After eight memorable days of cruising on the luxury Cormorant in Galapagos Islands I arrived in Quito, the capital of Ecuador on the 7th July 2012 by air to continue my photographic safari tour; focused on Hummingbirds on the mainland.
This country has the world’s highest diversity of Hummingbirds of 131 species and it is home to more than 1,600 species of birds which is more than twice the number found in any one of the entire continents of North America, Europe or Australia. I had planned to stay two nights at Tandapaya Bird Lodge situated in the Tandapaya Valley that boasts of a rich history of birding. It was one hour by car from Quito.
On the 8th of July 2012, at 5.30 am I was picked up from the hotel in Quito by the Bird Naturalist Mr. Joes Illanes, to commence the tour to the bird paradise in a Nissan SUV. Within thirty minutes of driving up a hilly tarred road with spectacular scenery, we arrived at our first stop the Yanacocha Reserve in the temperate zone. It is at an altitude of 3,200 meters on the slopes of Volcano Pichincha in the Polylepis forest. There were nectar feeders at different points to attract the Hummingbirds; it is indeed an easy way to sight them.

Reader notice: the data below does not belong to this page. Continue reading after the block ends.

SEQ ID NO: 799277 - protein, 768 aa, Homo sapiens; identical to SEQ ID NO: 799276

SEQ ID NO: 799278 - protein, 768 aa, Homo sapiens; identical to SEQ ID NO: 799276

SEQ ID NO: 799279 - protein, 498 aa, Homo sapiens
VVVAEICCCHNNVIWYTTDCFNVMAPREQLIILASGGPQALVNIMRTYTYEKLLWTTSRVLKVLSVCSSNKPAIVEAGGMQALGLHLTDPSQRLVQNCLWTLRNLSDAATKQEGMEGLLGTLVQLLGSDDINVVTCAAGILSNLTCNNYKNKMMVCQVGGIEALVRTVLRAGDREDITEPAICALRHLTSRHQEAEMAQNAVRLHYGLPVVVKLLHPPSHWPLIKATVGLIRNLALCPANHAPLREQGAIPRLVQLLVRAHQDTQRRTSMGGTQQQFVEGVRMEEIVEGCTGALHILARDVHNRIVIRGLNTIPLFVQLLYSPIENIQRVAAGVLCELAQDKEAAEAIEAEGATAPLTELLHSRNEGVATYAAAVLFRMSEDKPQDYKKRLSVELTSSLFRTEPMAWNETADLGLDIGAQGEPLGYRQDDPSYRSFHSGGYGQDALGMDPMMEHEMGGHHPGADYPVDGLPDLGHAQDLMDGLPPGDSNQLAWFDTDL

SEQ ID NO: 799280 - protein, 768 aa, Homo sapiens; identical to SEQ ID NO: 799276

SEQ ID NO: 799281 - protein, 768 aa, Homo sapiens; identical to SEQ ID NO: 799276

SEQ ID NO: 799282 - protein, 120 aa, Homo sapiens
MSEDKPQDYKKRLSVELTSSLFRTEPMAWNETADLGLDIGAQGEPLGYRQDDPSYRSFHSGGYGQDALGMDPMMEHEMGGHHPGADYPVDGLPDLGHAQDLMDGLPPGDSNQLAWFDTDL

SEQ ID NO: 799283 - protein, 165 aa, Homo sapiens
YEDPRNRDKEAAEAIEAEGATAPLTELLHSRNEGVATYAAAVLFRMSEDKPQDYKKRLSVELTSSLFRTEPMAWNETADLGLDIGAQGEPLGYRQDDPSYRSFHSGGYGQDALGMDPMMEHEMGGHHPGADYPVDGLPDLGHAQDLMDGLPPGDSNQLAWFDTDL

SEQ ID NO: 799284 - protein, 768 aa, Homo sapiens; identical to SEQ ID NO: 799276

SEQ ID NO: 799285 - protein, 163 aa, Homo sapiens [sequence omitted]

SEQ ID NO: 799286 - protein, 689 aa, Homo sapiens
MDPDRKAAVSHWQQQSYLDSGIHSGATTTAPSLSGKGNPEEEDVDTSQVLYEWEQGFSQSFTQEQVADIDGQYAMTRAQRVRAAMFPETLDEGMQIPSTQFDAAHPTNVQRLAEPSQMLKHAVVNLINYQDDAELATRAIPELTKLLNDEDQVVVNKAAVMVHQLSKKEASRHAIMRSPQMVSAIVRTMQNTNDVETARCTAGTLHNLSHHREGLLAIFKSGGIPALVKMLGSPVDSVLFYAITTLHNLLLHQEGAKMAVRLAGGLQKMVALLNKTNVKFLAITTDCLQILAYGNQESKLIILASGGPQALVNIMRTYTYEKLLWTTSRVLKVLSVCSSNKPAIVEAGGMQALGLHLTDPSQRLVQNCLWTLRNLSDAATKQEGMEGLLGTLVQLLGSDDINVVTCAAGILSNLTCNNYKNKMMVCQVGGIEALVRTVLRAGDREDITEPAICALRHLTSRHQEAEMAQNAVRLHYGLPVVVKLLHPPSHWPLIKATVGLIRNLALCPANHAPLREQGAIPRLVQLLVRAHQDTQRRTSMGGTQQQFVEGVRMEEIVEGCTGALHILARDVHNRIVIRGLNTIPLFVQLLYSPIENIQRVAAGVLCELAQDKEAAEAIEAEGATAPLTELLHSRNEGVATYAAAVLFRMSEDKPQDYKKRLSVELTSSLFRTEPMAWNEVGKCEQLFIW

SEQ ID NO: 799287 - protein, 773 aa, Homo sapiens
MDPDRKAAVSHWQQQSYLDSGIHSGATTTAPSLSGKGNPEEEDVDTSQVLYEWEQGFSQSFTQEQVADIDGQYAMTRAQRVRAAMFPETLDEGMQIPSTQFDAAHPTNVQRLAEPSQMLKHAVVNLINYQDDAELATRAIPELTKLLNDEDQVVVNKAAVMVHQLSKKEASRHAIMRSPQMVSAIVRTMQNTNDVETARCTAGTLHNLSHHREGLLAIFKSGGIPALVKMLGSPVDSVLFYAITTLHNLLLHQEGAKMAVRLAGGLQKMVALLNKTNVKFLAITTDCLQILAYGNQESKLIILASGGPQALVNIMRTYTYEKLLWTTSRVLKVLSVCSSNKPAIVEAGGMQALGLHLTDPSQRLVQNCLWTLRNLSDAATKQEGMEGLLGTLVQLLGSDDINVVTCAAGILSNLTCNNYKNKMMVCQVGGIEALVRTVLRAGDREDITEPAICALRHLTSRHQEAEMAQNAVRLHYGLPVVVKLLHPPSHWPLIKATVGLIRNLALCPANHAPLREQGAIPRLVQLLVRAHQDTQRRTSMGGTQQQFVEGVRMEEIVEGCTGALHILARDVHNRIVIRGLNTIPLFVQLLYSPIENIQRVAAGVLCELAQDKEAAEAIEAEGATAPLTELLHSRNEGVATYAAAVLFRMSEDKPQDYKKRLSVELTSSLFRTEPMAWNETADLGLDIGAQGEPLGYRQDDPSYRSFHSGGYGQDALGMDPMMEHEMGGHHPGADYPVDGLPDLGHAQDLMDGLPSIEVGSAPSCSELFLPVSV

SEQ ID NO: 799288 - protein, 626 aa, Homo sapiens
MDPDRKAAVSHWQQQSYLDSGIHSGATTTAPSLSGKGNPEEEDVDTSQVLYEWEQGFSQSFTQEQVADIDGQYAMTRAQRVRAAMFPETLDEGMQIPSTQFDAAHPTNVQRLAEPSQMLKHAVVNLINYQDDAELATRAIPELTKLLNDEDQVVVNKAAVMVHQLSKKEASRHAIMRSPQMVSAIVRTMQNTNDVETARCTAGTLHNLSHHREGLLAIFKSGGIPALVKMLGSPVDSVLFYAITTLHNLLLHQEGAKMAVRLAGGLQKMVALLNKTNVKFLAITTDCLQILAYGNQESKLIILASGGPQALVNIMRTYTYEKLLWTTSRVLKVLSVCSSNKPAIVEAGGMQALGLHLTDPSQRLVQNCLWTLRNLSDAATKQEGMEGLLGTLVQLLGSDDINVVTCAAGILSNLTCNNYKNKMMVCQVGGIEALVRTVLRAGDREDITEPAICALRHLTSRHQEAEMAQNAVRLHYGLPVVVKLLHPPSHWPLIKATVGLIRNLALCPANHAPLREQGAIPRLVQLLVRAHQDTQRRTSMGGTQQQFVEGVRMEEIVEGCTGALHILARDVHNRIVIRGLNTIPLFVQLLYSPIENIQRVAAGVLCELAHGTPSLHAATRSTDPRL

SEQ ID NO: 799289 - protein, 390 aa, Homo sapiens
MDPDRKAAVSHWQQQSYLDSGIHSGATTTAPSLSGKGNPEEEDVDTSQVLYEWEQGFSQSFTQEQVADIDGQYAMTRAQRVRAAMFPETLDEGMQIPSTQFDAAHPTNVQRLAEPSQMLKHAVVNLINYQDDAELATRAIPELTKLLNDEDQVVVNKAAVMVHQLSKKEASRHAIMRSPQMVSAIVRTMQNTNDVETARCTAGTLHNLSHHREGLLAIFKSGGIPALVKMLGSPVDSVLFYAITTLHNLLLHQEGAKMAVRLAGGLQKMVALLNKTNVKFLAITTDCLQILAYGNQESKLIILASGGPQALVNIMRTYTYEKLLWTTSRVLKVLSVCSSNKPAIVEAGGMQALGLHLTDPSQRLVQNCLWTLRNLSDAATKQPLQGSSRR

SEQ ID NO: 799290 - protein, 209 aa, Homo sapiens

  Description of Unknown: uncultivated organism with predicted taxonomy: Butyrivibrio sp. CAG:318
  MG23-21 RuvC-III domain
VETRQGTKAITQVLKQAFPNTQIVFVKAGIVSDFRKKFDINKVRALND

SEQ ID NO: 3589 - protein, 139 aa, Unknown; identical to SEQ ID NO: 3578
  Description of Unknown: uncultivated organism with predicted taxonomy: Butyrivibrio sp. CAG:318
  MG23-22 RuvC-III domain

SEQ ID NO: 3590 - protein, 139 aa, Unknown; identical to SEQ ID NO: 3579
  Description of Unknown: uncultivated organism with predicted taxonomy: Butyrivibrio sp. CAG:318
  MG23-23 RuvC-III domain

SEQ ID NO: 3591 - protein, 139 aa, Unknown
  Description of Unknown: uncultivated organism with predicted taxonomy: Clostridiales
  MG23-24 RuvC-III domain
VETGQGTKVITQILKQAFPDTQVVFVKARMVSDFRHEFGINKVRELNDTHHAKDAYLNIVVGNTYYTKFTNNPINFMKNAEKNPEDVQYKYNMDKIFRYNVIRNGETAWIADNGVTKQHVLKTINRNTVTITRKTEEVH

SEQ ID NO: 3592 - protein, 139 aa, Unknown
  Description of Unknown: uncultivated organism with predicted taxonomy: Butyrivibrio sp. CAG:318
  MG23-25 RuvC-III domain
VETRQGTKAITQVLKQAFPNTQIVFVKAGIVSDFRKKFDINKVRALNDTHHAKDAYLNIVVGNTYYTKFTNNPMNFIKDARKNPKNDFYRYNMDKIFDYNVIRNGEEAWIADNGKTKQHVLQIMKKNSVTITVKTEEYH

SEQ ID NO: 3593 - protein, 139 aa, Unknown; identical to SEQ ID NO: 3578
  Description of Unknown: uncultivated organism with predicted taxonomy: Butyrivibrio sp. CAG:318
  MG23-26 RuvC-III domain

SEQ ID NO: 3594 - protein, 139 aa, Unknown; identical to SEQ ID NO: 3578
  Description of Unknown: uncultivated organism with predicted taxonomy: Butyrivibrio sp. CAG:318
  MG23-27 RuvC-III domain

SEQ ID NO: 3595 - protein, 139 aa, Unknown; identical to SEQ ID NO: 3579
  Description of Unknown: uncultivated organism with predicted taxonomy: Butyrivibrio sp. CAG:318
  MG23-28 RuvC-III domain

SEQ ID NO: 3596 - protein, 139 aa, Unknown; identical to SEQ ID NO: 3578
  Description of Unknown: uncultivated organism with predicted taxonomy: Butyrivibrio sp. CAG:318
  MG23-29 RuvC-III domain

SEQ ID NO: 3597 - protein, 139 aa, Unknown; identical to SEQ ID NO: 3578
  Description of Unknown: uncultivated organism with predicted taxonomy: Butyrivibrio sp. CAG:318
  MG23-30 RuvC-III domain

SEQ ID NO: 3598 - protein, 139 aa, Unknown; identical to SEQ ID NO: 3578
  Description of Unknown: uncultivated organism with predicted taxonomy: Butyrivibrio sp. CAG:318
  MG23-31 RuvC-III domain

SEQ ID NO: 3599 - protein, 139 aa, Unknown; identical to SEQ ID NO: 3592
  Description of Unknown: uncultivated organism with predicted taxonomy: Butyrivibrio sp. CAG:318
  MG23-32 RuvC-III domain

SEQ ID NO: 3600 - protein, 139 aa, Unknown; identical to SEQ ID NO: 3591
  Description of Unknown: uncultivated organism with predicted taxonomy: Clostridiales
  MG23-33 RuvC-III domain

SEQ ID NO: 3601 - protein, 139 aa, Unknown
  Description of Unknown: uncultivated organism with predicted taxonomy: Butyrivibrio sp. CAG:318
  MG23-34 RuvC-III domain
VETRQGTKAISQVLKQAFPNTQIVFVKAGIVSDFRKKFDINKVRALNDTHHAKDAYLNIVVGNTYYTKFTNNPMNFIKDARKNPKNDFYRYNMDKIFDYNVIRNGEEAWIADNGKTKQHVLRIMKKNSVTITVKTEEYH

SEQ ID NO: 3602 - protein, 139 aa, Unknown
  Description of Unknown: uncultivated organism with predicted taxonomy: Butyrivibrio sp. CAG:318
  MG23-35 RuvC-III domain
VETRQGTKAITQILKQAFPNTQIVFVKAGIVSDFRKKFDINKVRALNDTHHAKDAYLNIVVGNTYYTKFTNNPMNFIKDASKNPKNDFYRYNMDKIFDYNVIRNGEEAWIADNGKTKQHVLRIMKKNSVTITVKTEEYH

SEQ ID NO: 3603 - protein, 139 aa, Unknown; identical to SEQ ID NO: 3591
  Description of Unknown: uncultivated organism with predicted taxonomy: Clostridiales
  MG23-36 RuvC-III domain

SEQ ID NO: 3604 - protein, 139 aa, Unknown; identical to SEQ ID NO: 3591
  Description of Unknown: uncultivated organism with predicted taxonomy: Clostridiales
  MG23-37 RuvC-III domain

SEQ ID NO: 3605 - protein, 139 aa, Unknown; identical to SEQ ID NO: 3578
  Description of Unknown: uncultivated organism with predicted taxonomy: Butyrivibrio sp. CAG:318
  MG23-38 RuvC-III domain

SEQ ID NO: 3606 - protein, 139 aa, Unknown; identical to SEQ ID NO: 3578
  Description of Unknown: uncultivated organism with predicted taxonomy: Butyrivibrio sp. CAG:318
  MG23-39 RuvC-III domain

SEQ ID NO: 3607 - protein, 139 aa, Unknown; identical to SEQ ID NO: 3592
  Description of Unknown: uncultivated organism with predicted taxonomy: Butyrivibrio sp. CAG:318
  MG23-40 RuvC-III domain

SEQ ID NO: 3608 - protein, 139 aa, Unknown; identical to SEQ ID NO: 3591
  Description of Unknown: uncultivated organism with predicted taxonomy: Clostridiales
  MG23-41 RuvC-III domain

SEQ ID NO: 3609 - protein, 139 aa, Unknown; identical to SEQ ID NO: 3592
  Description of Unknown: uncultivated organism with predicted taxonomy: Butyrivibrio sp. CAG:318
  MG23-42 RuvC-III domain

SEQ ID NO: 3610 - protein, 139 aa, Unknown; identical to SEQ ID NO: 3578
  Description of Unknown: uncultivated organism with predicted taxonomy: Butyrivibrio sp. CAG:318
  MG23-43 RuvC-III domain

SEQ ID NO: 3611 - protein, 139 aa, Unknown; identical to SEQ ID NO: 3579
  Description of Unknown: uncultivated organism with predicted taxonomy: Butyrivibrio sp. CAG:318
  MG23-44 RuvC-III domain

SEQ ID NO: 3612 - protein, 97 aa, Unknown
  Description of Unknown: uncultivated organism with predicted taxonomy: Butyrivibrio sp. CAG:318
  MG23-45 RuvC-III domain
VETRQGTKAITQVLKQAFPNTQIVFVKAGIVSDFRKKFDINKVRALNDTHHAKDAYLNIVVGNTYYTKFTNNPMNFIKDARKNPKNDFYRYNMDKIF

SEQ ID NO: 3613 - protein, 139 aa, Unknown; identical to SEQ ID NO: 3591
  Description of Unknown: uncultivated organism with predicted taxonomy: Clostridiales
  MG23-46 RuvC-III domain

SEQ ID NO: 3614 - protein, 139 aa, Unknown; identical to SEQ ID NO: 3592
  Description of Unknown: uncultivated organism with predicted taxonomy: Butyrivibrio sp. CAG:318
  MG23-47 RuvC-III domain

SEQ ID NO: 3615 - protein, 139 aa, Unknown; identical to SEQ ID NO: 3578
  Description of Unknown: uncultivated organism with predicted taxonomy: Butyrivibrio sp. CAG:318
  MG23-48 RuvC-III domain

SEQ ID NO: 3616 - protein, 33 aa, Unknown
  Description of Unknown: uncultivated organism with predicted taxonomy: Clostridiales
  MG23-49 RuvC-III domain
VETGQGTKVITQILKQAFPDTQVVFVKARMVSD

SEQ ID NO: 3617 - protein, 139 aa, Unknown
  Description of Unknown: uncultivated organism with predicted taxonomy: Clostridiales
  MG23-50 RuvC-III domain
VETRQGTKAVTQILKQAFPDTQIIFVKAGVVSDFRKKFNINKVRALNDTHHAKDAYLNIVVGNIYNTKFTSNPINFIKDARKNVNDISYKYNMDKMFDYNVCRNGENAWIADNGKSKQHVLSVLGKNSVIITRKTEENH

Joes was a fantastic bird spotter and had an excellent knowledge of birds. During our two hour walk in the reserve he spotted more than twenty bird species. At the feeders we saw two types of Hummingbirds namely the Swordbill and Buff-winged Starfrontlet. It was interesting to watch how the Hummingbirds fly towards the feeders to lap-up nectar from their lengthy tongue at the rate of 13 licks per sec. One could call them the Formula 1 of the flying world! Its heart beats 10 times faster than humans and it is also the only bird that can fly both forwards and backwards. Hummingbirds weigh between 2 to 20 grams with an average life span of 5 years. They are the tiniest birds in the world.
Apart from the Hummingbirds I was able to capture images of the following birds at the Yanacocha Reserve; Brown-backed Chat-Tyrant, Scarlet-bellied Mountain–Tanager, Glossy Flower Piercer, Masked Flower Piercer, Rufous-naped Brush-Finch and Spectacled Red Start.
We had early lunch at the reserve and thereafter continued our drive through the Polylepis forest descending towards Tandayapa Valley in the lower subtropics to our destination for the night. On the way Joes was able to spot an Adean Lapwing on the ground off the road, Red-crested Cotinga on a tree, and a Crimson-rumped Toucan at least 100 meters off the road on a branch of a tree. I was amazed at the way Joes spotted these birds, especially from a moving vehicle.
We arrived at the Tandapaya Bird Lodge around 1.30 pm for two nights. It had a few feeders for Hummingbirds as well as fruits placed on a branch of a tree for other birds, located outside adjoining the dining room. I spent the rest of the day close to these feeders sighting further six different species of Hummingbirds as well as other birds including a few species of Tanager.